I'm creating a new framework which uses a mix of C and C++, and recently I stopped to consider my choice of header file extension.
I have spent my career as a C programmer, so many of my habits are simply ossified from my C days. One such habit is using
.h for all header file extensions.
To make matters worse, it seems there is still not a fixed approach to C/C++ header file differentiation. While surveying comments around the internet, I see many developers only use
.hpp for C++ headers which also include implementations. Other C++-only headers are left with the
.h extension. Unhelpfully, many IDEs still seem to recommend
.h as the default header extension, even if you are using C++.
The problem with allowing
.h to represent both C and C++ code without differentiation is that you increase friction for developers:
- How can you know that you can't include a specific library
.hfile in your C program because it's really C++?
- What if you are trying to adjust your build system and want to exclude all C++ files from a specific project?
I think it is important to make conventions and language type apparent to developers without requiring manual inspection. In my new framework, I have decided to use
.hpp for all headers that are C++-only.
.h will be reserved for headers which can be included by either C or C++ sources. I'm not alone in this convention - at the very least, Boost uses the same approach. To quote from the Boost FAQ:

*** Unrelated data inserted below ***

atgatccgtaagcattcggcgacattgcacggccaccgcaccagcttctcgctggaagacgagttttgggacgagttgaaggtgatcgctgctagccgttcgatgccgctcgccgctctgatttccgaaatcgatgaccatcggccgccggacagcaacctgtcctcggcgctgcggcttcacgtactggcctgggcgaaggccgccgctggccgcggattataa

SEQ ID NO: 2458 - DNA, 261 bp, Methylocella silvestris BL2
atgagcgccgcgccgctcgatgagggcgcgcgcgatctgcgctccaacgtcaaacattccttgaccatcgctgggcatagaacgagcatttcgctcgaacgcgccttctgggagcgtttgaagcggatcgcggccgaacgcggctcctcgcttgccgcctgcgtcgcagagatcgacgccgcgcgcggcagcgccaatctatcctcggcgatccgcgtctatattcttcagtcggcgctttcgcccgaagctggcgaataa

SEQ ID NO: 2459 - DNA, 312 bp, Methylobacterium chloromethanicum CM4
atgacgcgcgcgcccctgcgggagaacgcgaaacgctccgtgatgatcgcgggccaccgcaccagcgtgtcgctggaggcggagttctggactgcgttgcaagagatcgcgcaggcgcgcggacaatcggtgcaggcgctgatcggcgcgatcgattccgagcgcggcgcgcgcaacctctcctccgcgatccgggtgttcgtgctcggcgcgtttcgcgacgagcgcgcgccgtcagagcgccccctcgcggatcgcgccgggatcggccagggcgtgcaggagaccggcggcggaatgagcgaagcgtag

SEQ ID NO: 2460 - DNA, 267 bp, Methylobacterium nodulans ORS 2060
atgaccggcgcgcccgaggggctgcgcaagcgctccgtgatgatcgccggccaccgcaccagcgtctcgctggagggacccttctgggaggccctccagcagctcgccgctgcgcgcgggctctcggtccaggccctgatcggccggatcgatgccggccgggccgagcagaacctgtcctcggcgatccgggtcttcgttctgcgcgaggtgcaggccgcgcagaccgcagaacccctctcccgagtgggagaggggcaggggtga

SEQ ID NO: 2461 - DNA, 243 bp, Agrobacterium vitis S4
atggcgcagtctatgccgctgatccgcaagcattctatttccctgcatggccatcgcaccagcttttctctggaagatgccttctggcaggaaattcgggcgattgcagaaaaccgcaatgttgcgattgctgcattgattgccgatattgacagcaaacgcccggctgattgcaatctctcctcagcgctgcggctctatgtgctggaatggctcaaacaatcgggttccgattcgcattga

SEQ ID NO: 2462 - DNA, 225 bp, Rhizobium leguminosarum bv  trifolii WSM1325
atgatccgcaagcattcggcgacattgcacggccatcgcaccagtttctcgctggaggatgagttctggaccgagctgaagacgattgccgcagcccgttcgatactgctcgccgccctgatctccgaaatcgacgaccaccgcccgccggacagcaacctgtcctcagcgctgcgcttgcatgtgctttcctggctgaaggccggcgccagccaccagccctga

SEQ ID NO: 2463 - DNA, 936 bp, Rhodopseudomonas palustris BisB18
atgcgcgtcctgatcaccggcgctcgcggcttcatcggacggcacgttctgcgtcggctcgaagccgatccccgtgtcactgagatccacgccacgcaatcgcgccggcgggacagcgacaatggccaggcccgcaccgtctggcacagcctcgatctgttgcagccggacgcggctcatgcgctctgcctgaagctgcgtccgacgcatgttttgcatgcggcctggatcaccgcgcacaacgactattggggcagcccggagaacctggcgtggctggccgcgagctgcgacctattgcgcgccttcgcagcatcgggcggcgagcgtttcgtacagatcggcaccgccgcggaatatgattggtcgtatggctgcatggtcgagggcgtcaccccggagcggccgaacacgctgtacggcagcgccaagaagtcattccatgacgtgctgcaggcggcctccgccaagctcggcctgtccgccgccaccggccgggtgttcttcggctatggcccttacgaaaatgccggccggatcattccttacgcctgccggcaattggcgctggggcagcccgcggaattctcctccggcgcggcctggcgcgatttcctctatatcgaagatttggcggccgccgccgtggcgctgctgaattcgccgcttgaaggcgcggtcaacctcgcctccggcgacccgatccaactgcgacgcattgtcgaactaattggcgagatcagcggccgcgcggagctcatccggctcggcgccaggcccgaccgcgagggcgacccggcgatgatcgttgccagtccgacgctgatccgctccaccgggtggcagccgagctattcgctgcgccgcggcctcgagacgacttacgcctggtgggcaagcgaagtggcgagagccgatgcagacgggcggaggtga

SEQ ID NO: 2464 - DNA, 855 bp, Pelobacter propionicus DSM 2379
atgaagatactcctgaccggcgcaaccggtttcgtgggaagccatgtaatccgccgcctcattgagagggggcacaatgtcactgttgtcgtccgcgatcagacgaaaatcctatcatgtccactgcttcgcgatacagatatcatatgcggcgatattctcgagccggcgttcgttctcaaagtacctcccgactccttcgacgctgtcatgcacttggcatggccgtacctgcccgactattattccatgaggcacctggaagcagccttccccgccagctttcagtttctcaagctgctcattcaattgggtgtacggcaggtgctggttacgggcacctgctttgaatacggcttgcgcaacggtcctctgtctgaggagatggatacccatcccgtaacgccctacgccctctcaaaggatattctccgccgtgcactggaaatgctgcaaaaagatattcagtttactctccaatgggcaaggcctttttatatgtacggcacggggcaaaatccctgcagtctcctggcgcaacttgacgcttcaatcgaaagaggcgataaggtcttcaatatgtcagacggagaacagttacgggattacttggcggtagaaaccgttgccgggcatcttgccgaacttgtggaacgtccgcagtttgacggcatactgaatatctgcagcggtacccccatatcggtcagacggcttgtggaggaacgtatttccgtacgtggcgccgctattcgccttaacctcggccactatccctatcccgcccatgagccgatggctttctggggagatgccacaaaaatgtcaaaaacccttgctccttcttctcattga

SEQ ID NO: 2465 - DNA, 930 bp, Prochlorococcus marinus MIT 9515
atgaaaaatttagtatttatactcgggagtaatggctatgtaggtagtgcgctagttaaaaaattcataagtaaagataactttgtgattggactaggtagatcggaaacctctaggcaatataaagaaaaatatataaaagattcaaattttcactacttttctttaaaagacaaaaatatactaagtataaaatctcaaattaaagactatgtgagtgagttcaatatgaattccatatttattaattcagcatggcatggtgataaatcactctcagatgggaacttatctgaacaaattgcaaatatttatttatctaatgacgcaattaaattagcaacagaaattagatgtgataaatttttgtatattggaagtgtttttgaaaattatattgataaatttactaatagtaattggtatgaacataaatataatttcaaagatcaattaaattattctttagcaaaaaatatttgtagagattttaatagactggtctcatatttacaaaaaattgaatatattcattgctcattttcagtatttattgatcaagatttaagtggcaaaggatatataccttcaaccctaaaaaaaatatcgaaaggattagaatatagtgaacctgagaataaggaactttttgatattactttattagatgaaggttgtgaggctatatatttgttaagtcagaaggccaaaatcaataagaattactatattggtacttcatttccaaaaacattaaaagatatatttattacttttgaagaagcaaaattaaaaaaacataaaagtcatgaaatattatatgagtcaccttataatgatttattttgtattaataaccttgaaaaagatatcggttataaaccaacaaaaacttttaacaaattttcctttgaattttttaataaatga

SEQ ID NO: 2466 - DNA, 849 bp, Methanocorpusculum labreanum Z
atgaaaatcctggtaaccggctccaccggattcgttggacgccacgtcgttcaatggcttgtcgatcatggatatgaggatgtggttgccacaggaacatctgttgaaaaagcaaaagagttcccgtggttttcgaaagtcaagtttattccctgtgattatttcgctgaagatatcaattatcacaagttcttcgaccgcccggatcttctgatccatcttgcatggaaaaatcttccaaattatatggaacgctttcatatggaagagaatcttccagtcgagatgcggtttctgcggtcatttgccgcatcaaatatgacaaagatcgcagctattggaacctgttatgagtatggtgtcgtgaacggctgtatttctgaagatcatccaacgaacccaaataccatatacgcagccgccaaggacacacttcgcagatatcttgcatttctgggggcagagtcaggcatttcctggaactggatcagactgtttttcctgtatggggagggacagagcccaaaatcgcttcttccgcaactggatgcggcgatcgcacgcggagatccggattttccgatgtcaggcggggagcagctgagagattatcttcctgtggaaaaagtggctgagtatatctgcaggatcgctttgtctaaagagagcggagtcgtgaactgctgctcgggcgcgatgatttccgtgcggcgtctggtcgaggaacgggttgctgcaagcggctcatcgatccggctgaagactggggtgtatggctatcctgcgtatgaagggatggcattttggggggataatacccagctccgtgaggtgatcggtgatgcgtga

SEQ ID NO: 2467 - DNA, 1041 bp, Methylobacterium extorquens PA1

Why do Boost headers have a .hpp suffix rather than .h or none at all?
File extensions communicate the "type" of the file, both to humans and to computer programs. The '.h' extension is used for C header files, and therefore communicates the wrong thing about C++ header files. Using no extension communicates nothing and forces inspection of file contents to determine type. Using '.hpp' unambiguously identifies it as C++ header file, and works well in actual practice. (Rainer Deyke)
As an aside, it is helpful to make your C-style headers compatible with C++. Here are some simple strategies to keep in mind:
- protect C-only code with the
__cplusplusmacro, which is only defined by the C++ compiler
- Mark C functions code as
extern "C"when compiling C++ code
I hope that you take some time to think about header extensions in your own projects!